polylingual


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Related to polylingual: trilingual

pol·y·lin·gual

 (pŏl′ē-lĭng′gwəl)
adj.
1. Of, including, or expressed in several languages; multilingual: a polylingual software program.
2. Using or able to use several languages: a polylingual translator.
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References in periodicals archive ?
Katsman demonstrates how this novel provides its protagonist with hallucinations, dreams, and fantasy in order to follow an alternative history of the wandering Jew while revealing his polylingual position.
While semantic discussions about distinctions between bilingual, multilingual, plurilingual and even polylingual usefully continue in the research literature, all are about the use of more than one language (or translanguaged mixes of more than one) within at least one--and potentially many --cultural contexts of use.
On the one hand, American English was celebrated for its constant dynamism, vernacular energy, pithiness and demotic ability to be nourished by polylingual wellsprings; yet on the other, it was praised for lacking regional or dialect variation, and for its fundamentally Anglo-Saxon nationalist coherence.
Of course, the boundary in Lotman's semiosphere is an ambivalent concept in that it both separates and unifies; it is bilingual and polylingual, and it transforms (or 'translates') what is 'external' into what is 'internal' (Lotman 2001: 137).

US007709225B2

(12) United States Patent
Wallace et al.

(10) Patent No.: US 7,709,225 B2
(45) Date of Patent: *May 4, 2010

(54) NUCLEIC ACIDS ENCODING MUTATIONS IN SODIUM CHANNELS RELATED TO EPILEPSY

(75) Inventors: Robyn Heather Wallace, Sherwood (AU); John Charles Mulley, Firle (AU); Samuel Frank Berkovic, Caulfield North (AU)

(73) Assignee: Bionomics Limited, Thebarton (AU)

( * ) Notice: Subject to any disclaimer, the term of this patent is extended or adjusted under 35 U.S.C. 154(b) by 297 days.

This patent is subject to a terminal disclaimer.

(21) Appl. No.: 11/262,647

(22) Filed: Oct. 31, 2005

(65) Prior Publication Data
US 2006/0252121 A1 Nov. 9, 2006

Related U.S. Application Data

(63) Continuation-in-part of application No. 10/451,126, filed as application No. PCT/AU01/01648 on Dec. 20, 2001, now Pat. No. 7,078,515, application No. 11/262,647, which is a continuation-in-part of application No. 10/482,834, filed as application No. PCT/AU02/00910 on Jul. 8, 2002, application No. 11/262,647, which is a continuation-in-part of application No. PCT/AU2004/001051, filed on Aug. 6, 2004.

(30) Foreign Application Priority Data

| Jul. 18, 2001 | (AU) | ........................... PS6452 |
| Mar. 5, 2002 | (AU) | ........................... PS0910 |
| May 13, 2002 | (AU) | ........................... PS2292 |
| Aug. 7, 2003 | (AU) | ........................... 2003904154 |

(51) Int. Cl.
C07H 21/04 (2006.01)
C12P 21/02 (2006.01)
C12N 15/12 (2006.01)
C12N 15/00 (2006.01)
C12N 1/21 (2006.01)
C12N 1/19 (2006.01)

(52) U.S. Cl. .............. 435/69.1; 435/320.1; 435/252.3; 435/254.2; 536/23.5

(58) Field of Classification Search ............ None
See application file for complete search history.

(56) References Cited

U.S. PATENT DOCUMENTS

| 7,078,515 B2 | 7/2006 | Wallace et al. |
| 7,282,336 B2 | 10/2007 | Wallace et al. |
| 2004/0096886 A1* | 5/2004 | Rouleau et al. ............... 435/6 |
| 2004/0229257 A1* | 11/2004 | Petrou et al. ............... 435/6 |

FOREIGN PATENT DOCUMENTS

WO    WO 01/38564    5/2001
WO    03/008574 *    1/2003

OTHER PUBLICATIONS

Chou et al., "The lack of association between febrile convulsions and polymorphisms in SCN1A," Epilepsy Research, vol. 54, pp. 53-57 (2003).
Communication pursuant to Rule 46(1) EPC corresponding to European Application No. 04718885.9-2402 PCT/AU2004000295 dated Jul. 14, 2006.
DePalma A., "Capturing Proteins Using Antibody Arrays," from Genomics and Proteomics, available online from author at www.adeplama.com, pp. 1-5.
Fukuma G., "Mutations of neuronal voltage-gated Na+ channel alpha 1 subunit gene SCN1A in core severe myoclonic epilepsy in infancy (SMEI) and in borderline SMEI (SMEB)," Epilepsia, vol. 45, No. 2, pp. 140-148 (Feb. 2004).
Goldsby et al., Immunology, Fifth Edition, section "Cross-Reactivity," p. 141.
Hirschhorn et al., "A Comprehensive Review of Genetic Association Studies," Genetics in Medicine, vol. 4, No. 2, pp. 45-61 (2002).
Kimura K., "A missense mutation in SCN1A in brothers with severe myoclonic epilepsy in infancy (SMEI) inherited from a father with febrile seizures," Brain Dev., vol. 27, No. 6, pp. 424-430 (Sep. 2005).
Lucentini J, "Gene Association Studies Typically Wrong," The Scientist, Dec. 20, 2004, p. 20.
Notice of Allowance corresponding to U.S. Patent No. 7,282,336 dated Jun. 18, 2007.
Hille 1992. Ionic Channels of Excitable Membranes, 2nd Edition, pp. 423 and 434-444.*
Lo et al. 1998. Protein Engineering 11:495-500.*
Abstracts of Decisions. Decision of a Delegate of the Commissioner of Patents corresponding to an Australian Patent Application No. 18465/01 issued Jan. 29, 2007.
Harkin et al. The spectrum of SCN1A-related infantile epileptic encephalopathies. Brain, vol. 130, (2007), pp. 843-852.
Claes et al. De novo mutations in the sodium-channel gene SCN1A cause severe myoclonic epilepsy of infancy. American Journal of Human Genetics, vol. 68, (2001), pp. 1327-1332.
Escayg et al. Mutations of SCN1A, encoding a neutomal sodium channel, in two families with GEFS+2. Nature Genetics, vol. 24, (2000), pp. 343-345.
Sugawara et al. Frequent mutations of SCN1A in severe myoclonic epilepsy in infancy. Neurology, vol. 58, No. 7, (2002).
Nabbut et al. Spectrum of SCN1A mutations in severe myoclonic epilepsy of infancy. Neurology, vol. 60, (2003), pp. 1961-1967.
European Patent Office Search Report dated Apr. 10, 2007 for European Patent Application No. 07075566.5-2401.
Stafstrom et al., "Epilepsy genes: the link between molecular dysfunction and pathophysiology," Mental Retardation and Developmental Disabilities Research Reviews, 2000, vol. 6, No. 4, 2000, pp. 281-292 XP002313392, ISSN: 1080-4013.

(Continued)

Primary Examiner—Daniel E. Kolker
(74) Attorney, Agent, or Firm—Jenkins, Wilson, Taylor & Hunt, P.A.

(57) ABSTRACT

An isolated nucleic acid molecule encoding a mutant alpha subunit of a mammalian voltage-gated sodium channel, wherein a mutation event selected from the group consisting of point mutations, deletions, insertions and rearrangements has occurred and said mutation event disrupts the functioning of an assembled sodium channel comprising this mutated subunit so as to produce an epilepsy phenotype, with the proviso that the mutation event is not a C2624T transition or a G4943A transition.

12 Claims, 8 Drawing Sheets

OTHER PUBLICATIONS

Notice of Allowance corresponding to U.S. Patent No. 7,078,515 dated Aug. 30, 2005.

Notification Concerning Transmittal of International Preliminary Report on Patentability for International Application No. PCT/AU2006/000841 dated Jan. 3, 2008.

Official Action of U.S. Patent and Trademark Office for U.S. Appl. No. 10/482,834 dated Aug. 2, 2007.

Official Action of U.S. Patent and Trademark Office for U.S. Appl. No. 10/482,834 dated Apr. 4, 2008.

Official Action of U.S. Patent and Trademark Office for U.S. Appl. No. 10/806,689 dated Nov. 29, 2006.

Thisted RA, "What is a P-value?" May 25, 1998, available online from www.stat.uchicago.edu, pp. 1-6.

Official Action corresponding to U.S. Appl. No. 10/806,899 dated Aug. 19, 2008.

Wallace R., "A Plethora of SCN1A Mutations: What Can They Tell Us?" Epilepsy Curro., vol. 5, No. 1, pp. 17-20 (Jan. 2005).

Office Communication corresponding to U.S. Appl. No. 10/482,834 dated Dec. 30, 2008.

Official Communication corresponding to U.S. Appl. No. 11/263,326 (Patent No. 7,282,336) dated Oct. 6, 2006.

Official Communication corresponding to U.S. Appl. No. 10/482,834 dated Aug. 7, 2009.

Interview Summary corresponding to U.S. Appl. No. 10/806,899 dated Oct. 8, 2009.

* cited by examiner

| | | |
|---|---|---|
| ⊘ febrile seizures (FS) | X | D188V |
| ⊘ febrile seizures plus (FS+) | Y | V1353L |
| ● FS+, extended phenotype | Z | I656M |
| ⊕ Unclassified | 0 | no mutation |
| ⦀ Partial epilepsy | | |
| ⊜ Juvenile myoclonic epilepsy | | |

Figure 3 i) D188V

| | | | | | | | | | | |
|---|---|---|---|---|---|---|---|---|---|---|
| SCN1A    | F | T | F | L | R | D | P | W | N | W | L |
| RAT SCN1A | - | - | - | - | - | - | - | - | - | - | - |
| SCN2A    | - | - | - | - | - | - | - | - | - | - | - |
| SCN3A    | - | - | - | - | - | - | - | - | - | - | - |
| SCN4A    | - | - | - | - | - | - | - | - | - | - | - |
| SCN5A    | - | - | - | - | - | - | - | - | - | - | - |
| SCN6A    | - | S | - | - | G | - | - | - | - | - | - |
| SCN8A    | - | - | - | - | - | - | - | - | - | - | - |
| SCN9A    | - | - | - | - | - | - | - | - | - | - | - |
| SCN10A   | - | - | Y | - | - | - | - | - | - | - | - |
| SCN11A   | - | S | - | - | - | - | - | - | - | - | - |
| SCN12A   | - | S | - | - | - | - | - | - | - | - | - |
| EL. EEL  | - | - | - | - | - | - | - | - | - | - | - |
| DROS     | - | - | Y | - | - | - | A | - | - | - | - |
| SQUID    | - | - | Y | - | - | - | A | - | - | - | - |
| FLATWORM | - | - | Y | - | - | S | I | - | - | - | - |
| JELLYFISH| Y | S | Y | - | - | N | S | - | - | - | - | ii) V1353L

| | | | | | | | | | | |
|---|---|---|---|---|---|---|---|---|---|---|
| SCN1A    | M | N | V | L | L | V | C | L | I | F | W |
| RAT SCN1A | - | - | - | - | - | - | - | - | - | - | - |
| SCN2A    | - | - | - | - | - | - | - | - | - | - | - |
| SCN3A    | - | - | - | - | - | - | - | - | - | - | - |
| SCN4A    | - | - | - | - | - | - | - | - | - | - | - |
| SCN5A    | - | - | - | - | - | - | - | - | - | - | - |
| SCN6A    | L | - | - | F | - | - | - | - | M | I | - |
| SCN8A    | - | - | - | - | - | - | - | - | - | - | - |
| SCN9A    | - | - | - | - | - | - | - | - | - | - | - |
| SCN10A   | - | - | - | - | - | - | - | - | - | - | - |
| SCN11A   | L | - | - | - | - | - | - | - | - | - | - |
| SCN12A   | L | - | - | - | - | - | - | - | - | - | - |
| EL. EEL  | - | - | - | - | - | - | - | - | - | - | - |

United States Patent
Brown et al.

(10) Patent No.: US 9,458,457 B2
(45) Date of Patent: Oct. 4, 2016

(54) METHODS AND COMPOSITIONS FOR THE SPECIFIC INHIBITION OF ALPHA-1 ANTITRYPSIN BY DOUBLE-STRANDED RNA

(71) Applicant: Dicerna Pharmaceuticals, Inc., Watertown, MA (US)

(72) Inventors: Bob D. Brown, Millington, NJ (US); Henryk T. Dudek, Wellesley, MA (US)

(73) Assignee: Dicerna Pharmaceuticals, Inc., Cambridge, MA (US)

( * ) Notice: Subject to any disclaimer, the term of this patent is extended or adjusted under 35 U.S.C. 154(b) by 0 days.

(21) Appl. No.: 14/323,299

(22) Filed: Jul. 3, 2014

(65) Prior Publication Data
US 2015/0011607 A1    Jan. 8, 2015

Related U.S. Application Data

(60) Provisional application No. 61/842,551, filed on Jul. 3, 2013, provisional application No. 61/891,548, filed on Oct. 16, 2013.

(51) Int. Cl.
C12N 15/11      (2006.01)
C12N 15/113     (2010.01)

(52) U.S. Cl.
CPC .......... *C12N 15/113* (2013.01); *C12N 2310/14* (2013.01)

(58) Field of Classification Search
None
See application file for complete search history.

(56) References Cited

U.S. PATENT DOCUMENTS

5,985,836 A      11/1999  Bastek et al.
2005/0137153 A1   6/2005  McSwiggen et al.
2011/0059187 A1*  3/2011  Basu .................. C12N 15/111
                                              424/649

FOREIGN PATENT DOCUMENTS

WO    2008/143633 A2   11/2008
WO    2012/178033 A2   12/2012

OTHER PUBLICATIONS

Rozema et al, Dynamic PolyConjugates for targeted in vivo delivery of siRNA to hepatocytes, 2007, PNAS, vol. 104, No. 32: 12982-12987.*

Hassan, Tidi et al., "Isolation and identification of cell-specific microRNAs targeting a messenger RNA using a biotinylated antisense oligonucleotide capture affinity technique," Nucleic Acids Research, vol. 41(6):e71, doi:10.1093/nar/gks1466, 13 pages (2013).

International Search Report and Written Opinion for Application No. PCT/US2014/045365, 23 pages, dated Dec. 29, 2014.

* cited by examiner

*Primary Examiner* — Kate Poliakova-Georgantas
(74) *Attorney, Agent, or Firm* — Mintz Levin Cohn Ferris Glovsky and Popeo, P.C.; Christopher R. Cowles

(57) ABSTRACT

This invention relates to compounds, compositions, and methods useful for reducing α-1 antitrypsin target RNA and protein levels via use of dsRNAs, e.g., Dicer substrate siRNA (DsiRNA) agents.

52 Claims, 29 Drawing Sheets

The polylingual voices of the multi-located subjects of the global nomadic, diasporic, hybrid diversity are producing concretely grounded micro-narratives that call for a joyful kind of dissonance.
This way we help them not to lose touch with their French roots and perhaps in secondary school they can become polylingual.
We do find some examples of older women inspiring younger ones: Rosemary Radford Reuther, for example, writes in appreciation of her intellectual, polylingual, and spiritually formidable great-aunt (267).
A profoundly post-structuralist interpretation of classic American writers, American Hieroglyphics is a work of cultural imperialism as clear and distinct, albeit not quite as monumental, as Napoleon's theft of the Rosetta Stone and Champollion's deciphering of its polylingual code.
She was a "child of poverty and ignorance" who "metamorphosed into the highly literate and polylingual Anna," and her "fantasy autobiography" is little more than "a charmingly romantic story, complete with a shipwreck and rescue, all aimed at establishing her and her children's racial and social claims to being British, white, and upper class.
Here numbers 1, 7-10, and 12 in my listing would testify to the polylingual mix typical of medieval England.
Lost to the historical record is whether the HH ever initiated polylingual speech training for girls and boys, encompassing the teaching of Hebrew or Yiddish as well as English, and thereby intensifying the Jewish character it offered the deaf community.
In other words, not the narrowing but the widening of the range of foreign languages taught might serve to answer the question I posed some years ago in an essay on the interrelationship between German studies and comparative literature: "How do we keep our bilingual or polylingual heads when all those around us .